AABP: What were the major achievements of Publishers Association last year?

Emma: We successfully launched new guidelines for what quality looks like in school textbooks as well as launched our new Textbook Challenge campaign calling for schools to recognise the importance of published materials to and invest in textbooks for pupils. We worked with our BC and LBF colleagues to see the UK hosted as Guest of Honour at the Moscow Non Fiction Book Fair. We also hosted the IPA Congress in London and we published a new manifesto around what the UK publishing industry would like to see from the UK post-Brexit.

AABP: Tell us something about Publishers Association's relations with India?

Emma: We have enjoyed a long standing and fruitful relationship with India both supporting our members who have business interests with India, either setting up an office, buying and selling rights or exporting to India, as well as working with the local trade associations in areas of mutual interest. The PA and FIP (Federation of Indian Publishers) are both members of the International Publishers Association and we are close in our views around copyright protection and freedom to publish. We work closely with the British Council and The London Book Fair to further mutual co-operation and interests and especially look forward to supporting the FIP on the IPA Congress next year.

AABP: Moving forward, what would be your targets and focus areas this year?

Emma: We have some major work to do around Brexit, working with both our members and government. The UK itself has a major policy focus on what it is calling an ‘Industrial Strategy’ and we are keen to ensure that publishing is fully represented in any policy and investment that the government makes. We are working with stakeholders to continue to deliver the Open Access agenda for government funded research and working closely with our European colleagues on the Digital Single Market initiative. On the campaigns front, we continue with our inclusivity agenda and we look forward to our 3rd annual social media push #workinpublishing to encourage people from all walks of life to consider publishing as a career. Above all, we are focused on delivering Insight, Influence and Service to our members to ensure they are getting value for money and delivering on the core objectives they expect from us.



There is a niche market for Punjabi literature, which has also been grappling with changing times. Here, Harish Jain of Unistar Books Pvt Ltd shares his views on the current market trends and more. Having been born and brought up in Punjab it was natural for me to choose Punjabi as the language for my publishing venture. But even at that time, literary scene in Punjab was not in much great shape. With the partition of the country, Punjab ceased to be culturally significant. All the great names of literature either shifted to Delhi and Mumbai or remained in Pakistan. Punjab which was producing literature in Urdu, Hindi, Punjabi, English and many other Indian languages like Braj etc. and produced so many stalwarts which for decades shone like stars on the Indian literary scene overnight turned into a mono language state with no great name to bolster its publishing industry’s floundering fortunes. For a good time, publishing of literature was almost negligible. Though, having a very rich legacy, it took decades to build it again, but it could never attain its earlier heights. Now Punjab cannot boast of much scholarship in any other language. I came somewhere in between and could contribute whatever I was worth. However, we publish a good number of titles in English and Hindi every year but our niche remains Punjabi.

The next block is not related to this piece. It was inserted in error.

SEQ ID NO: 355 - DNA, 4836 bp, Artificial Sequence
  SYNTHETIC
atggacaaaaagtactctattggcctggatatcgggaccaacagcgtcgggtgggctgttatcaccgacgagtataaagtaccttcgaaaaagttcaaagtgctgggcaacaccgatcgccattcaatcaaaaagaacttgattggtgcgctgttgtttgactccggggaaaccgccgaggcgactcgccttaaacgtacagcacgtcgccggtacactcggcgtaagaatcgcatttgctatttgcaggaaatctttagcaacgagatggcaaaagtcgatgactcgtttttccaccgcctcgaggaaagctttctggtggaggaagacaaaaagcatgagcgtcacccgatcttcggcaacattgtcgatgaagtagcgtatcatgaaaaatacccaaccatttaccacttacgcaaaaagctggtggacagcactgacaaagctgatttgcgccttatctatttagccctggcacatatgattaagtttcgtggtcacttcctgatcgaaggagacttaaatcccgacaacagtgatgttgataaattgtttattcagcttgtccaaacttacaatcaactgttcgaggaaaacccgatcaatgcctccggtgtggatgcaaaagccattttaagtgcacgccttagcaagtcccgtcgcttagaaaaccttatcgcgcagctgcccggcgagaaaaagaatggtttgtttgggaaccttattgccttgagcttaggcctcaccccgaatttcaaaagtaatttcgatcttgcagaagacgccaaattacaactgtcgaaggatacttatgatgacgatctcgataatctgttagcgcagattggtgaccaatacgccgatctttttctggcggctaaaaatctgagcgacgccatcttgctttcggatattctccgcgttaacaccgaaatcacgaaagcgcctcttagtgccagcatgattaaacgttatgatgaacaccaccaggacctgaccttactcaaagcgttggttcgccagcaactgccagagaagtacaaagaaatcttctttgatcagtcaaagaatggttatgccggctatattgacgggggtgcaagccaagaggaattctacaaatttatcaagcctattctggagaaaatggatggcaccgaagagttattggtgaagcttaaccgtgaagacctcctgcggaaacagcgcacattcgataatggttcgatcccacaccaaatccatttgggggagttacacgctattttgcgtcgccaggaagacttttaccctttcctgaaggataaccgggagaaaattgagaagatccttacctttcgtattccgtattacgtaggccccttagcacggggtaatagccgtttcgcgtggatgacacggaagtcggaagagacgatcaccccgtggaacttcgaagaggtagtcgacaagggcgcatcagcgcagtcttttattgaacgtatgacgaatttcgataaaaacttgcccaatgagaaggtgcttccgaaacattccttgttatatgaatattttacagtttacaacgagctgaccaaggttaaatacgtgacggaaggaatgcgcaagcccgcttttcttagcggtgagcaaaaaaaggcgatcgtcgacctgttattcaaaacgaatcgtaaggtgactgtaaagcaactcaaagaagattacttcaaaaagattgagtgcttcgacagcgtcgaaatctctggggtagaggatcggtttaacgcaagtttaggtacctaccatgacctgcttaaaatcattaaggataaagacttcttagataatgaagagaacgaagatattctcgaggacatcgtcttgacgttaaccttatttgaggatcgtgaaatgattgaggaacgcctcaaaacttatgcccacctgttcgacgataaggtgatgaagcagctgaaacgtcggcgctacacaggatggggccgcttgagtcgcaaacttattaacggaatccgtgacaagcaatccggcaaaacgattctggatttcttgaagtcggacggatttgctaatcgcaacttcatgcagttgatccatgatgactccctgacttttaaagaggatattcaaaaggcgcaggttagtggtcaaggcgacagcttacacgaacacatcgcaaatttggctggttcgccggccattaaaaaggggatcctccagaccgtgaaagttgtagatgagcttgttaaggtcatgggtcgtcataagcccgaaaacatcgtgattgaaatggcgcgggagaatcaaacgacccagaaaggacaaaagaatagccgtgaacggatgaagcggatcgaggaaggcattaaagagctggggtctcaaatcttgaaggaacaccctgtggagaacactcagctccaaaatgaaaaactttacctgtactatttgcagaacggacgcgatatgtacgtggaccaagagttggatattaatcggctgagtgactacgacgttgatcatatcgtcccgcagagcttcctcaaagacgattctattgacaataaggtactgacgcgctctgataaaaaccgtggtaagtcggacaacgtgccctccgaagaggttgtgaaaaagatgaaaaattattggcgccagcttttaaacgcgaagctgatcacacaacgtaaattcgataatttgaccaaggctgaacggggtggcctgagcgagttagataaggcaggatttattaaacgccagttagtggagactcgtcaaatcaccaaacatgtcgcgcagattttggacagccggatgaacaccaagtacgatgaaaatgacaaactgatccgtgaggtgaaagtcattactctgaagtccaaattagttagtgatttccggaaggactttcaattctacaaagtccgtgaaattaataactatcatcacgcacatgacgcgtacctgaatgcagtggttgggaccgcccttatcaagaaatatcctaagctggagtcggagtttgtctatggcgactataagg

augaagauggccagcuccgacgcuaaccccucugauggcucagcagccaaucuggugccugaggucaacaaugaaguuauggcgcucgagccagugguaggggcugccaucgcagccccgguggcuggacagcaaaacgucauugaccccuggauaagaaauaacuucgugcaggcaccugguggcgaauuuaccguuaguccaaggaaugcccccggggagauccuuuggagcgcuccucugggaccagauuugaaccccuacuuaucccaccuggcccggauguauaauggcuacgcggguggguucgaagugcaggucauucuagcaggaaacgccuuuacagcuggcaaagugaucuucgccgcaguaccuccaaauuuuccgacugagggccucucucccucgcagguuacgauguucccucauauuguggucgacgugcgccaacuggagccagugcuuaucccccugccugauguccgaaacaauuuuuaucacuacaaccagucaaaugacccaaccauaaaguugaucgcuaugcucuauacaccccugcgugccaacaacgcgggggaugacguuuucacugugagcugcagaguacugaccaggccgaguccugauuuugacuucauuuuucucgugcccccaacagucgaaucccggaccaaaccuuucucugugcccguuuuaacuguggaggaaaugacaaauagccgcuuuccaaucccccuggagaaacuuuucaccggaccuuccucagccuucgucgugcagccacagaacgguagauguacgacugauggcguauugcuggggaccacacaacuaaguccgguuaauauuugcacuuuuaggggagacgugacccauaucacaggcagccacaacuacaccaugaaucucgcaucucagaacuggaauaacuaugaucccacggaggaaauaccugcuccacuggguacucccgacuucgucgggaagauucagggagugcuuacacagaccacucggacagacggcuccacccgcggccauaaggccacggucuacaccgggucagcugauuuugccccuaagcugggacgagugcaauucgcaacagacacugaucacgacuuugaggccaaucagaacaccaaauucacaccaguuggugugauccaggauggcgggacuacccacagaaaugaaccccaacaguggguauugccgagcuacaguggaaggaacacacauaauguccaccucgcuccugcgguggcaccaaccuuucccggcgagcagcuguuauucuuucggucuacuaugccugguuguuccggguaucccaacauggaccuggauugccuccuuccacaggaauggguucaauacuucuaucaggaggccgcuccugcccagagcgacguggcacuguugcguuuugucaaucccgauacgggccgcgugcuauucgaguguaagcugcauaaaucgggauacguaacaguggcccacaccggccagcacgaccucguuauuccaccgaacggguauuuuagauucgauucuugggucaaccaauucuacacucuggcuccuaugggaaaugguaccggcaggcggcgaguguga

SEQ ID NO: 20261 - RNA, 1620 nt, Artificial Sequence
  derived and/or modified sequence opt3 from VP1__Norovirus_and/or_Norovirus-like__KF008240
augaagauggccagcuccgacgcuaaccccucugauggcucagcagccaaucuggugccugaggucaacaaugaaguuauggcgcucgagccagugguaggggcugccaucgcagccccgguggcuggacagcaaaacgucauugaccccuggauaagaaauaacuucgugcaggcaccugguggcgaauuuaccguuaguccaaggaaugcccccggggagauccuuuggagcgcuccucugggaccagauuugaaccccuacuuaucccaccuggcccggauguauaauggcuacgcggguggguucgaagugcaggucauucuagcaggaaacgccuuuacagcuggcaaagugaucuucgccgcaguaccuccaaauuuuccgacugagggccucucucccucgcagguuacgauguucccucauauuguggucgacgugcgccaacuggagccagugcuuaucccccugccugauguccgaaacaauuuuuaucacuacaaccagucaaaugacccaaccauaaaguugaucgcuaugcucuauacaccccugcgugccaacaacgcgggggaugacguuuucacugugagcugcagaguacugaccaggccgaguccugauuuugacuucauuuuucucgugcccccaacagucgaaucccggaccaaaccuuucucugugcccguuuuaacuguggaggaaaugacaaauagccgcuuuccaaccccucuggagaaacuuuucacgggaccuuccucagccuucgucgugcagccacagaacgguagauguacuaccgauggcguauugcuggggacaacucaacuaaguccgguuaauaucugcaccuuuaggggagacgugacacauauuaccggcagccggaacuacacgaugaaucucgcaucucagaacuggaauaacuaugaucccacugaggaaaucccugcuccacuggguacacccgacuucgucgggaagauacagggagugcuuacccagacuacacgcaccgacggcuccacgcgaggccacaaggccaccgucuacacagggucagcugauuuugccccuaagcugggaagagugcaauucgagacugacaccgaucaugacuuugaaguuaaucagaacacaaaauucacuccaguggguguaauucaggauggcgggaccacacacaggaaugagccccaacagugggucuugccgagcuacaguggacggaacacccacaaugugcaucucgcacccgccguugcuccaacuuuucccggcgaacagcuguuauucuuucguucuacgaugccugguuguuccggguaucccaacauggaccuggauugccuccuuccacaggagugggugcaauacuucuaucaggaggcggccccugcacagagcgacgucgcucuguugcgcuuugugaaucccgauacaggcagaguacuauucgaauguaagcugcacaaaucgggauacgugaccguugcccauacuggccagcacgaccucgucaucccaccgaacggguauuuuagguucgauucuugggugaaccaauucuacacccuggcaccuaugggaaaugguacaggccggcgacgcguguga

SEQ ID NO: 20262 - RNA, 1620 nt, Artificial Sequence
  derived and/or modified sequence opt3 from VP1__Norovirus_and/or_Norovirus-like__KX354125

On market trends…

Present trends are scary. Market is shrinking very fast, though, not so much in terms of value but certainly in terms of numbers. Again numbers also have a wider significance. We are losing on saleable authors and their number is dwindling fast with hardly new accretion. It does not stop there. Every good saleable author is losing on his/her saleable titles. If three years back an author was good on say 10 titles, now he/she is hardly looking at three or four titles. That hits the back titles list which otherwise happens to be the life line. It also results in piling up of the inventory due to the sluggish movement, and so in effect a double whammy on the revenue. What is even more disturbing is increasing interest in nostalgia. Writings looking towards future or present are short circuited by nostalgic outpourings imaging the past as a trophy which needs to be wooed, adored, won and then held at all costs. This is almost true for all creative work which is pathetic and highly regressive. This is happening not only with fiction but also with the poetry which in Punjabi used to be very robust and powerful, not here and there but staring straight in your eye. But it is not so anymore; no challenge, just drowsing in the beguiling warmth and fading glow of the setting sun. There are so many opportunities for the new but there seems none to bite the bullet. This, more or less sums up the situation that we are surviving more or less on the past successes than on any current laurels. But past cannot carry you long.